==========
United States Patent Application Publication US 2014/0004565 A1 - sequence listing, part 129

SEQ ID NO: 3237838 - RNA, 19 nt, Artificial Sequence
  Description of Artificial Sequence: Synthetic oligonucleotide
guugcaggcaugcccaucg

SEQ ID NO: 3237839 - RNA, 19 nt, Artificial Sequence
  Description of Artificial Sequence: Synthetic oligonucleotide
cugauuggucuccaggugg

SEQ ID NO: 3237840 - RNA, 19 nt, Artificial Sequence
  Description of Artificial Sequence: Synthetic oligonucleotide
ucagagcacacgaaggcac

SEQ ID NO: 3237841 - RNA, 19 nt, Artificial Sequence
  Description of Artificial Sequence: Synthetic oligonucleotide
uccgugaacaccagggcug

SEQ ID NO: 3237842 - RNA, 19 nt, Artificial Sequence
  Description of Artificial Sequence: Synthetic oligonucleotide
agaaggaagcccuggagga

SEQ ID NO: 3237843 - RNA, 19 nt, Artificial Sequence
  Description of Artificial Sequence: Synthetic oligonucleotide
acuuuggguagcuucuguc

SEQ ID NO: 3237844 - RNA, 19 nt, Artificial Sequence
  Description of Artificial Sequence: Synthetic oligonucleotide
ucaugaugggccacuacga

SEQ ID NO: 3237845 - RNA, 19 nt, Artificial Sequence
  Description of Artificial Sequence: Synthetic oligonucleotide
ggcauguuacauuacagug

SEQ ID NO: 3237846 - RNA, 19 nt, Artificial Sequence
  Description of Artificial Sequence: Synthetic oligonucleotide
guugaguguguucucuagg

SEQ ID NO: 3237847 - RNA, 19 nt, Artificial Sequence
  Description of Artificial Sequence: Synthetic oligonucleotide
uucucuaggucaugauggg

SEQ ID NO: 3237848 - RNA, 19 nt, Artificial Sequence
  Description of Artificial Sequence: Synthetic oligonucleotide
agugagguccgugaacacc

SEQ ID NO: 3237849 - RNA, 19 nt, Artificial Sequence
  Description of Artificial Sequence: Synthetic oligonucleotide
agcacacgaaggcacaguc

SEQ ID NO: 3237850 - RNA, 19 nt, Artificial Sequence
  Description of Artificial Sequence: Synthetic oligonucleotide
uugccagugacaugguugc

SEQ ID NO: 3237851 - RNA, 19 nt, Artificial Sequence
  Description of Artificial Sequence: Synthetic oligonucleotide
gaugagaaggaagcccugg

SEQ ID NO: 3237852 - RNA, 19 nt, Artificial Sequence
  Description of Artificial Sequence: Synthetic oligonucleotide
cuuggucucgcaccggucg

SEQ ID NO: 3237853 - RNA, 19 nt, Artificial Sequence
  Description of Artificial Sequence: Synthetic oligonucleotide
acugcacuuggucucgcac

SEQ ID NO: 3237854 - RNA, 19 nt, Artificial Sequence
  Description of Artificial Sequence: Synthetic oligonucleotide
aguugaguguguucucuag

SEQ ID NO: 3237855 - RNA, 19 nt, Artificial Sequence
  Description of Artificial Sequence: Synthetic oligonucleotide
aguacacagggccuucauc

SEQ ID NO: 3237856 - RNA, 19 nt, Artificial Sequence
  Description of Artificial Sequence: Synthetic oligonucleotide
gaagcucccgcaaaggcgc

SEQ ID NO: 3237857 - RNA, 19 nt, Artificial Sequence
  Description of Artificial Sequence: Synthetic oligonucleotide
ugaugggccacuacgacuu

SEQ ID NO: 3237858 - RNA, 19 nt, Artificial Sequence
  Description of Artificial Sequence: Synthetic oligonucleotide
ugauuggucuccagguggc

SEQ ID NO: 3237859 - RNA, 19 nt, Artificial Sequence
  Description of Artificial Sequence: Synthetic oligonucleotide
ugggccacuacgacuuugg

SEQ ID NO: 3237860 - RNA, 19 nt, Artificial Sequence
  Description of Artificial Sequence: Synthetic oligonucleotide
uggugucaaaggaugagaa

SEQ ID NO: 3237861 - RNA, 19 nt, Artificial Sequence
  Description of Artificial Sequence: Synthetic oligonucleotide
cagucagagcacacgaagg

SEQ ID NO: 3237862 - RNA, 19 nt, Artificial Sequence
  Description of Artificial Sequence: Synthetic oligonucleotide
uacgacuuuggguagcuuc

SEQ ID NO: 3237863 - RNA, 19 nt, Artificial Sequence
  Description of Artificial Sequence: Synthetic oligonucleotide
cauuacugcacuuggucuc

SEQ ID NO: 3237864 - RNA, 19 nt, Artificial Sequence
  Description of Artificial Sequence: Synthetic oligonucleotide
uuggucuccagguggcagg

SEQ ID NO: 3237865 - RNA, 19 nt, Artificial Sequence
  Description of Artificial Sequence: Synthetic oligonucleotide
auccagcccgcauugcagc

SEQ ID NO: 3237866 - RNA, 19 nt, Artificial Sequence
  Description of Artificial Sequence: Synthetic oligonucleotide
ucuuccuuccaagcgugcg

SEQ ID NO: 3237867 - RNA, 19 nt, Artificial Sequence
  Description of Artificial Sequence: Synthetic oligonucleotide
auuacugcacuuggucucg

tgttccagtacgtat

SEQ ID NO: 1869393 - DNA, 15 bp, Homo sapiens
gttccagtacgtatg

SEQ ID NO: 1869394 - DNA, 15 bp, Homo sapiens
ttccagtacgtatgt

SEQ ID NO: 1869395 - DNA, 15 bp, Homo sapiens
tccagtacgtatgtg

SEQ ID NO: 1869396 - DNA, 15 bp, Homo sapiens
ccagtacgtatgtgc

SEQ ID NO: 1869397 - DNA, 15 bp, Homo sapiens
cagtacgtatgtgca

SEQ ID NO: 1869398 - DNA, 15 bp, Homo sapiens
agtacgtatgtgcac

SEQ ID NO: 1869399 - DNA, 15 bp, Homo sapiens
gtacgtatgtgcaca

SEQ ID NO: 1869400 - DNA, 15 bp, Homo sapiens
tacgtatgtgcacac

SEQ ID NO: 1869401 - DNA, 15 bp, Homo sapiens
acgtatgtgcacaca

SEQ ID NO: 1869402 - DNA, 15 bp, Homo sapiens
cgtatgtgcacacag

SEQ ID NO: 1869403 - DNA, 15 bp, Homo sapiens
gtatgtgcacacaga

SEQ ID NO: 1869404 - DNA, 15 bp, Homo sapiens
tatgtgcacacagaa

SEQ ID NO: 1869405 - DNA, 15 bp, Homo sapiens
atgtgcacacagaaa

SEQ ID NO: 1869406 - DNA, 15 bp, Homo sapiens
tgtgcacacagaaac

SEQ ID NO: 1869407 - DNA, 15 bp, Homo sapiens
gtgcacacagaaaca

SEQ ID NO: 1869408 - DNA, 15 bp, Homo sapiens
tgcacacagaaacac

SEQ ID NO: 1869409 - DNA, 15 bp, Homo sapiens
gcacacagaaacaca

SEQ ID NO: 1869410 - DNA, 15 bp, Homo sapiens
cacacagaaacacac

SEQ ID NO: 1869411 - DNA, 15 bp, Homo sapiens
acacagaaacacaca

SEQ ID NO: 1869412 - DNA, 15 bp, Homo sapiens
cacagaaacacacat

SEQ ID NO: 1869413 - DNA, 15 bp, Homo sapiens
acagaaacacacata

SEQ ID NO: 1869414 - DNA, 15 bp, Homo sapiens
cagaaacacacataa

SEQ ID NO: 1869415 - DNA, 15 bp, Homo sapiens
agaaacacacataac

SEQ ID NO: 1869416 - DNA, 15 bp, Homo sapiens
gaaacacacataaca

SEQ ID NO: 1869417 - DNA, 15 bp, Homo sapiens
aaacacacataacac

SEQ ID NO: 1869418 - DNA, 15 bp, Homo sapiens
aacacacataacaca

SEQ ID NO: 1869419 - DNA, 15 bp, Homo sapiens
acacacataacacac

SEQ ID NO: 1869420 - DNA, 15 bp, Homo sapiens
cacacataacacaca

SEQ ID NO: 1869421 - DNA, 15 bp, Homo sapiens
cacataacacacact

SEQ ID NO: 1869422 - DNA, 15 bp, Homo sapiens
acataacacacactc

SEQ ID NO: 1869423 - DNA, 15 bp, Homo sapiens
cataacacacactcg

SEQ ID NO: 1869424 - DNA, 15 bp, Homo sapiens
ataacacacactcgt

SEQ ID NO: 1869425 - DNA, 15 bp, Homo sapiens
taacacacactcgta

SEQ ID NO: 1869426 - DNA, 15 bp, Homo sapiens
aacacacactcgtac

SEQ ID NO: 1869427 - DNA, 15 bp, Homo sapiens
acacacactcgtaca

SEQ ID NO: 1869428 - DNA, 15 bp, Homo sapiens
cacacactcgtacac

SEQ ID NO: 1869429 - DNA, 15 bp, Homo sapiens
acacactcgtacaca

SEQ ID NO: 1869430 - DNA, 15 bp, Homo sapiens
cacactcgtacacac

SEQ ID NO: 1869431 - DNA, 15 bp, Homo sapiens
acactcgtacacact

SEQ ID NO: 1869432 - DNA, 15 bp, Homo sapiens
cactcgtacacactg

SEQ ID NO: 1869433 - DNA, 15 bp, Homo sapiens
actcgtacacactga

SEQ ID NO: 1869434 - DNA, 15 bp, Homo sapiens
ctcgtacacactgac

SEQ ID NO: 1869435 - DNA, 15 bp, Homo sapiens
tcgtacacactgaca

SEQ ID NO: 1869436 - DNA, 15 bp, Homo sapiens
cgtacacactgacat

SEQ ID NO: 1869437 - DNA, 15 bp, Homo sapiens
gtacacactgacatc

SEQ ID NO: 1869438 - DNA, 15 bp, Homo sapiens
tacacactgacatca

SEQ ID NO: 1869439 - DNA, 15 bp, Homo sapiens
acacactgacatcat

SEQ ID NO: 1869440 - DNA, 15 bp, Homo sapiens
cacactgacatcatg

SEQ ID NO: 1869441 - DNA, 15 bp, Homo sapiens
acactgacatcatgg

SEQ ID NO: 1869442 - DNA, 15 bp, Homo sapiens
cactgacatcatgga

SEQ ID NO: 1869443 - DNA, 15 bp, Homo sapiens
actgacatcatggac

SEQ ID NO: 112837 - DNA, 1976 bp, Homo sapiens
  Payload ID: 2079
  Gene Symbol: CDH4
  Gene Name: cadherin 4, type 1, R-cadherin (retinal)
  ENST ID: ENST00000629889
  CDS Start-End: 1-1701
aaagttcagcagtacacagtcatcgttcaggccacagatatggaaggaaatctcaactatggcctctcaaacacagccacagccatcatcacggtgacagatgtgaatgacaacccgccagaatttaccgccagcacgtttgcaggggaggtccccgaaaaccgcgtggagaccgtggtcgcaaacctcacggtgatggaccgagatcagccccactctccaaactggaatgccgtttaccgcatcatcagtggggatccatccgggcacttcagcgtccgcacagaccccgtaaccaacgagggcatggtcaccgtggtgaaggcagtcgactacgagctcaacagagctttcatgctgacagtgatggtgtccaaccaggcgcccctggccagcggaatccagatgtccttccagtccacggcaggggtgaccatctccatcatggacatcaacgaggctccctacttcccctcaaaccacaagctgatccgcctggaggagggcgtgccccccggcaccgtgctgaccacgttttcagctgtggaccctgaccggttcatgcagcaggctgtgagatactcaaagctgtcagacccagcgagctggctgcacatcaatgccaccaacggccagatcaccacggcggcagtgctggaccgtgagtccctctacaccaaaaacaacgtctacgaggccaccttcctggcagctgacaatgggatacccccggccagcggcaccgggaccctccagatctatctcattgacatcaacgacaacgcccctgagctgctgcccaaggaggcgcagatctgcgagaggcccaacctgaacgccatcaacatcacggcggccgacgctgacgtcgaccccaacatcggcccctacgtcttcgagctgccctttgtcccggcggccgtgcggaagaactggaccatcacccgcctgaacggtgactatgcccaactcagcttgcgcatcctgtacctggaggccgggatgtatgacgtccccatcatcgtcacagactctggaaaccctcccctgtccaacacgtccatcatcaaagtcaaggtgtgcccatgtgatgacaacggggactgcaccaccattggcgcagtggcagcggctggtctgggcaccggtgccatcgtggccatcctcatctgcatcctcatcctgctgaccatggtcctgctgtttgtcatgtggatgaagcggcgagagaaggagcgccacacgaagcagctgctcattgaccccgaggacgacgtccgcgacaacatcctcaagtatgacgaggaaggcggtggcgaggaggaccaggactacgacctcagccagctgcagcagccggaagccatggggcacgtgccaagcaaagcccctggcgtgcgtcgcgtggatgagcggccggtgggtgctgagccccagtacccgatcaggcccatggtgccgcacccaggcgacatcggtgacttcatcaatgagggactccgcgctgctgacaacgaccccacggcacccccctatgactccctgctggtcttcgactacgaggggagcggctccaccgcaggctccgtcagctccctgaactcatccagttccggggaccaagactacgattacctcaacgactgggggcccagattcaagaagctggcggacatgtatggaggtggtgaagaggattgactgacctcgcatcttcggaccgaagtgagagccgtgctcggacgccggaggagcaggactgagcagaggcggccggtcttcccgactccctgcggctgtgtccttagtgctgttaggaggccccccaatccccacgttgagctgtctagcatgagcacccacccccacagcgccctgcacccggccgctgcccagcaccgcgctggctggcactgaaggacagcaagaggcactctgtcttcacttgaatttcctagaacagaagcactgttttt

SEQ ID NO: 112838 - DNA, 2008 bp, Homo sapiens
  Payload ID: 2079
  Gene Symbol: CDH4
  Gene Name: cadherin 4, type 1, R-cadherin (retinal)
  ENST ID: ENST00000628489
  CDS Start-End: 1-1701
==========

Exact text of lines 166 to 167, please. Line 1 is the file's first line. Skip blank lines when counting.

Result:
acacactcgtacaca

SEQ ID NO: 1869430 - DNA, 15 bp, Homo sapiens